I left them to their fate (I heard later on they weren’t at the same spot the next morning, so hopefully they’re not dead in a ditch somewhere) and hiked all the way up to a viewpoint covered in loose volcanic material. Because it was windy and I was tired, I just laid out my sleeping bag on the ash. Watching the sun dip below the Andes and the stars come out, I like to imagine I was looking at the southern cross. But I really have no idea and admittedly did fail the astronomy merit badge at scout camp. I had cell service, but turned it off. It’s nice to be disconnected.Rather than rush to finish up the hike, I decided to take it at a slower pace of no more than 25km (15 miles) a day, something I couldn’t really do on the Pacific Crest Trail with a marathon-a-day pace. A Canadian couple I met along the trail would power through the day and arrive at camp by 1pm or so, and invited me to camp with them each night. It was nice having someone to talk to in English, and they let me scan pages from their out of print and sacred Lonely Planet Guide to Trekking in the Patagonian Andes. There’s really no decent guidebook for trekking in Patagonia, so I often have to rely on blogs and national park offices for info on planning this trip. Definitely a big difference from hiking in Europe and New Zealand! The Villarrica Traverse is supposedly popular, but other than the Canadians I wouldn’t see hardly anybody else attempting the entirety of the main stretch. The solitude was nice, though near dirt roads leading to regional highways we’d see a fair amount of locals. One such group kept asking me about the prices of random everyday objects in the US, which was a bit bizarre. At least they weren’t trying to convince me of some weird conspiracy theories involving the CIA and a mysterious, shadowy corporation that controls all the news media outlets like I’d often hear in Argentina, where the politicians have become adept at blaming most of their problems on foreign countries (and don’t forget about the great patriotic war for the liberation of the Falklands from the military dictator Margaret Thatcher, leader of the third world impoverished nation of England). The trail dips for 15 minutes into Argentina, though luckily we didn’t have to go through border control. I wouldn’t have even known I was in Argentina if it weren’t for the GPS points of the trail I’d loaded into my phone for navigation backup. The Canadians and I decided to do a 25km (15 mile) extension of the Villarrica Traverse, which involved a 2km (1.2 mile) walk along the highway to a barely discernable trailhead by a bridge. I didn’t see a single other person besides the Canadian couple on the extension, though it was well marked and easy to follow. The three of us ended the day where the trail seemed to vertically scale a cliff with the trail signs blown down. After talking a bit, we decided to spend the night there by a lake and take a much easier to follow (not to mention safer) nearby dirt road back to the international highway in the morning.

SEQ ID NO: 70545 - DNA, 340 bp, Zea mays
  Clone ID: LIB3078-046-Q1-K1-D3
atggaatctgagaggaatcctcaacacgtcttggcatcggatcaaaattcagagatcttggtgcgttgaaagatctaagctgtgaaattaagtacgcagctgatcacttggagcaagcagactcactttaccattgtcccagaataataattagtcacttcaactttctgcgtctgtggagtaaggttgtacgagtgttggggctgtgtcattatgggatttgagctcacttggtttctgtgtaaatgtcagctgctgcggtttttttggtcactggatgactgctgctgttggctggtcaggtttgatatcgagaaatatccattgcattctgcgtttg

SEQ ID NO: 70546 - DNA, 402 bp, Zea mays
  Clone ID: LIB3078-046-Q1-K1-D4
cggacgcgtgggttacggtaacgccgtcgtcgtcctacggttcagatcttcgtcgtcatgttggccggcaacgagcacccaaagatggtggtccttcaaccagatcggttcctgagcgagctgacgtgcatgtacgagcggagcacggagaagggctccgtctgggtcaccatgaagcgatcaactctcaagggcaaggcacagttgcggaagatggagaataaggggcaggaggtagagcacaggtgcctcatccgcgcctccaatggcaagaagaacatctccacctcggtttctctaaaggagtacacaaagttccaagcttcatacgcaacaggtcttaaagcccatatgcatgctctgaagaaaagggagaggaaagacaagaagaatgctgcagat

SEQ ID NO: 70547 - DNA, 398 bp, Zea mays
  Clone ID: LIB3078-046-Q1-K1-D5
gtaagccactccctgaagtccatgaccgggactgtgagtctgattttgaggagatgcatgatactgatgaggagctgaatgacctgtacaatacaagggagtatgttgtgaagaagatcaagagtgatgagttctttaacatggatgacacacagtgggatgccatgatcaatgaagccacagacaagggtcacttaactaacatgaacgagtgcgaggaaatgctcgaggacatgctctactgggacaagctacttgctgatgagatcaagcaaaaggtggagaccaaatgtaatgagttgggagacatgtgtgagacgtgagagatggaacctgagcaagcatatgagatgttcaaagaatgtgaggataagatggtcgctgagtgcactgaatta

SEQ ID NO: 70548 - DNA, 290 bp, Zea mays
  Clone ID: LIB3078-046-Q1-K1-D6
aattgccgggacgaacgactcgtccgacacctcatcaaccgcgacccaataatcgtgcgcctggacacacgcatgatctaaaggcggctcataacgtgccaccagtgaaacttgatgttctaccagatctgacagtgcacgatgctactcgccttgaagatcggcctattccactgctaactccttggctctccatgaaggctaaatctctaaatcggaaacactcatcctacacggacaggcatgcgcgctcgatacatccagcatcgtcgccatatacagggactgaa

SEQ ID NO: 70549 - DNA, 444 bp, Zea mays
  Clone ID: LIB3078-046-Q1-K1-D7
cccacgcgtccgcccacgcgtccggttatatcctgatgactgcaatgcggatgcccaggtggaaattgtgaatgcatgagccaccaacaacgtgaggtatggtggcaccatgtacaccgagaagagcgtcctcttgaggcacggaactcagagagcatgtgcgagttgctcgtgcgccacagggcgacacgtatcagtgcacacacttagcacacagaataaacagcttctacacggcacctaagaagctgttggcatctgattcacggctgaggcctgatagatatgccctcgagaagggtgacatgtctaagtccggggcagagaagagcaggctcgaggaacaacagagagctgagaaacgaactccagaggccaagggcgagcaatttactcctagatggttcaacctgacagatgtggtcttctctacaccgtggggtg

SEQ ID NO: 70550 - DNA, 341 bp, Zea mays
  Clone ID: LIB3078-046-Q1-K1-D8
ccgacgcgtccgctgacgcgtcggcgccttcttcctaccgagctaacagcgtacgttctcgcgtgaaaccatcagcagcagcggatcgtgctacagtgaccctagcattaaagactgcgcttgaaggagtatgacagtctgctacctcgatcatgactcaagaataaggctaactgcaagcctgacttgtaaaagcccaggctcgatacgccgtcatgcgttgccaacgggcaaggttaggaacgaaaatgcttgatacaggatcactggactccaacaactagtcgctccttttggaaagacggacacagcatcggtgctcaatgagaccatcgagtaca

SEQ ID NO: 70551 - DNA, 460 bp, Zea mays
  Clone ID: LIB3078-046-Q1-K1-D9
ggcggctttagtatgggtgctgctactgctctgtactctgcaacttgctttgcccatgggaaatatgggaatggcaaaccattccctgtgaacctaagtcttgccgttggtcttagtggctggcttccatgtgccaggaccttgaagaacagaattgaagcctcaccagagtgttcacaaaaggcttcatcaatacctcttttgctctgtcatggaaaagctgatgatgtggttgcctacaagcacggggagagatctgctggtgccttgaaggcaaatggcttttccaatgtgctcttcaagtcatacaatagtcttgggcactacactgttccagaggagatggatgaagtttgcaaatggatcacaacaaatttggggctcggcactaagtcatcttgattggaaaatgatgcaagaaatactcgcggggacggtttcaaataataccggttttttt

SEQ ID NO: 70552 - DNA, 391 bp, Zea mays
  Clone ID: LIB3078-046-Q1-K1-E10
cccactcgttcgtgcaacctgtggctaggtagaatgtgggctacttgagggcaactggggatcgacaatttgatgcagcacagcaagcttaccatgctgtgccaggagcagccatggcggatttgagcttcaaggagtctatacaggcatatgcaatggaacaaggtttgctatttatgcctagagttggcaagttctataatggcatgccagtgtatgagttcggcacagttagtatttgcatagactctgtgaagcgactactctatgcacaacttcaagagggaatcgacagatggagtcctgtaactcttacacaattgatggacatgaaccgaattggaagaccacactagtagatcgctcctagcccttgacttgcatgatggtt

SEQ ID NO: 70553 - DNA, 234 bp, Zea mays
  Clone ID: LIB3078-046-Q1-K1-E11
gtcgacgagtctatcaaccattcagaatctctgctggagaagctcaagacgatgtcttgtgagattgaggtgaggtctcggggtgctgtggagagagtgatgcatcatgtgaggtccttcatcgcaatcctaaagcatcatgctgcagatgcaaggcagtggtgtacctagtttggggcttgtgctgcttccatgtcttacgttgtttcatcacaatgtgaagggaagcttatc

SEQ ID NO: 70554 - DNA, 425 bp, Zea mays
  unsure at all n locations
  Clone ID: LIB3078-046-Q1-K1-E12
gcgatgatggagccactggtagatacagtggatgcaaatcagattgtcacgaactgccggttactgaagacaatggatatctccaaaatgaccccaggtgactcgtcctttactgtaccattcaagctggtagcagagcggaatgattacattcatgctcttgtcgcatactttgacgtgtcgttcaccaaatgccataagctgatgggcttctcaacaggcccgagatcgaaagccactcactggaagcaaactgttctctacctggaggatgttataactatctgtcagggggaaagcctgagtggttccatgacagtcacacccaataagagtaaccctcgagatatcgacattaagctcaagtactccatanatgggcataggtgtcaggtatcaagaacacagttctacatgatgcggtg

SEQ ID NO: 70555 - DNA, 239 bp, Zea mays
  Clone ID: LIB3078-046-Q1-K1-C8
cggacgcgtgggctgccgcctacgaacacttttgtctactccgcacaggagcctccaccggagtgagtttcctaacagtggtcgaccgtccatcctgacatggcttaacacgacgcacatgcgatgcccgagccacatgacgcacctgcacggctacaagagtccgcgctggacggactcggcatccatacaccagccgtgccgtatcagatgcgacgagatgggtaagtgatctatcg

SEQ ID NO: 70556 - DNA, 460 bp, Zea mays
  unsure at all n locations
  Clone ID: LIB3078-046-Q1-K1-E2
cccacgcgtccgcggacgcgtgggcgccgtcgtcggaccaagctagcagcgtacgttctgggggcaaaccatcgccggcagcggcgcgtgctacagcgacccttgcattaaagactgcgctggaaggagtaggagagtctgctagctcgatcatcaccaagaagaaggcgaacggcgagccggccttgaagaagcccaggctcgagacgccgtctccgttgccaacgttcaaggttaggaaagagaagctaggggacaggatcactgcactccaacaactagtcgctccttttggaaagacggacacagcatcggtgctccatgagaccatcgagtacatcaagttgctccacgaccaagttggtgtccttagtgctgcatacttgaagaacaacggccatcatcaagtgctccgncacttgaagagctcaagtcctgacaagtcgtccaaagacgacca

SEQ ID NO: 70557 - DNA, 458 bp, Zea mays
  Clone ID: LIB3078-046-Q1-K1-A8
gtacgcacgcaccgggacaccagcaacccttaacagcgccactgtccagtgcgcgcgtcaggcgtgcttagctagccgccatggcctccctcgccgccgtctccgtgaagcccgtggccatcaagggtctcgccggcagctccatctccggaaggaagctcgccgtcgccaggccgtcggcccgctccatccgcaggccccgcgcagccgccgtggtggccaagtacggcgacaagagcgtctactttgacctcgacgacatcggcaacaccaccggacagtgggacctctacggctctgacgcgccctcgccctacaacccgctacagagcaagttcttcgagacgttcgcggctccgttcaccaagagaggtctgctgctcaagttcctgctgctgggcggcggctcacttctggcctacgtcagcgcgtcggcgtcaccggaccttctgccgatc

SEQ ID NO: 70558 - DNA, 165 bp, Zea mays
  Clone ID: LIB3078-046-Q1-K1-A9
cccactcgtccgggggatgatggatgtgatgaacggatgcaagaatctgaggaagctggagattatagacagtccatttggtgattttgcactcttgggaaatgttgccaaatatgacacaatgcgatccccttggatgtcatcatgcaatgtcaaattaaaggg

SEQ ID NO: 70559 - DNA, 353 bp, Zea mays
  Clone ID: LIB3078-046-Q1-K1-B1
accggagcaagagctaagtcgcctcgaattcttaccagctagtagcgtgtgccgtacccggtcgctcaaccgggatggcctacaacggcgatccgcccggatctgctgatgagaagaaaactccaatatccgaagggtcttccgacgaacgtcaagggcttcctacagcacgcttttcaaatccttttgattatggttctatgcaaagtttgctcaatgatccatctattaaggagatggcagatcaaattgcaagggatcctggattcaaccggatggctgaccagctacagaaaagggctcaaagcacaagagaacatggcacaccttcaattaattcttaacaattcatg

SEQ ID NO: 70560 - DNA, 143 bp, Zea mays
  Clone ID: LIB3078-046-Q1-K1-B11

Within a couple hours of waking up I was walking along the highway to a nearby rest stop, with raindrops starting to fall from the sky. Rather than walk the 11km (7 miles) along the highway to the closest village and wait six hours for a bus, I found a good spot and stuck my thumb out. Within 15 seconds a local had pulled over and said he’d give me a ride all the way back to Pucón, almost an hour away, if I agreed to speak English with him.
Looking back, I saw my companions just a few minutes down the roadand told him if he was willing to wait and take the three of us he could get even more English practice (the Canadians didn’t speak any Spanish). He agreed, and we hopped into his bus. The guy was very friendly, refused to take any pesos to help cover gas, and dropped us off in front of our hostel. Chile is wonderful!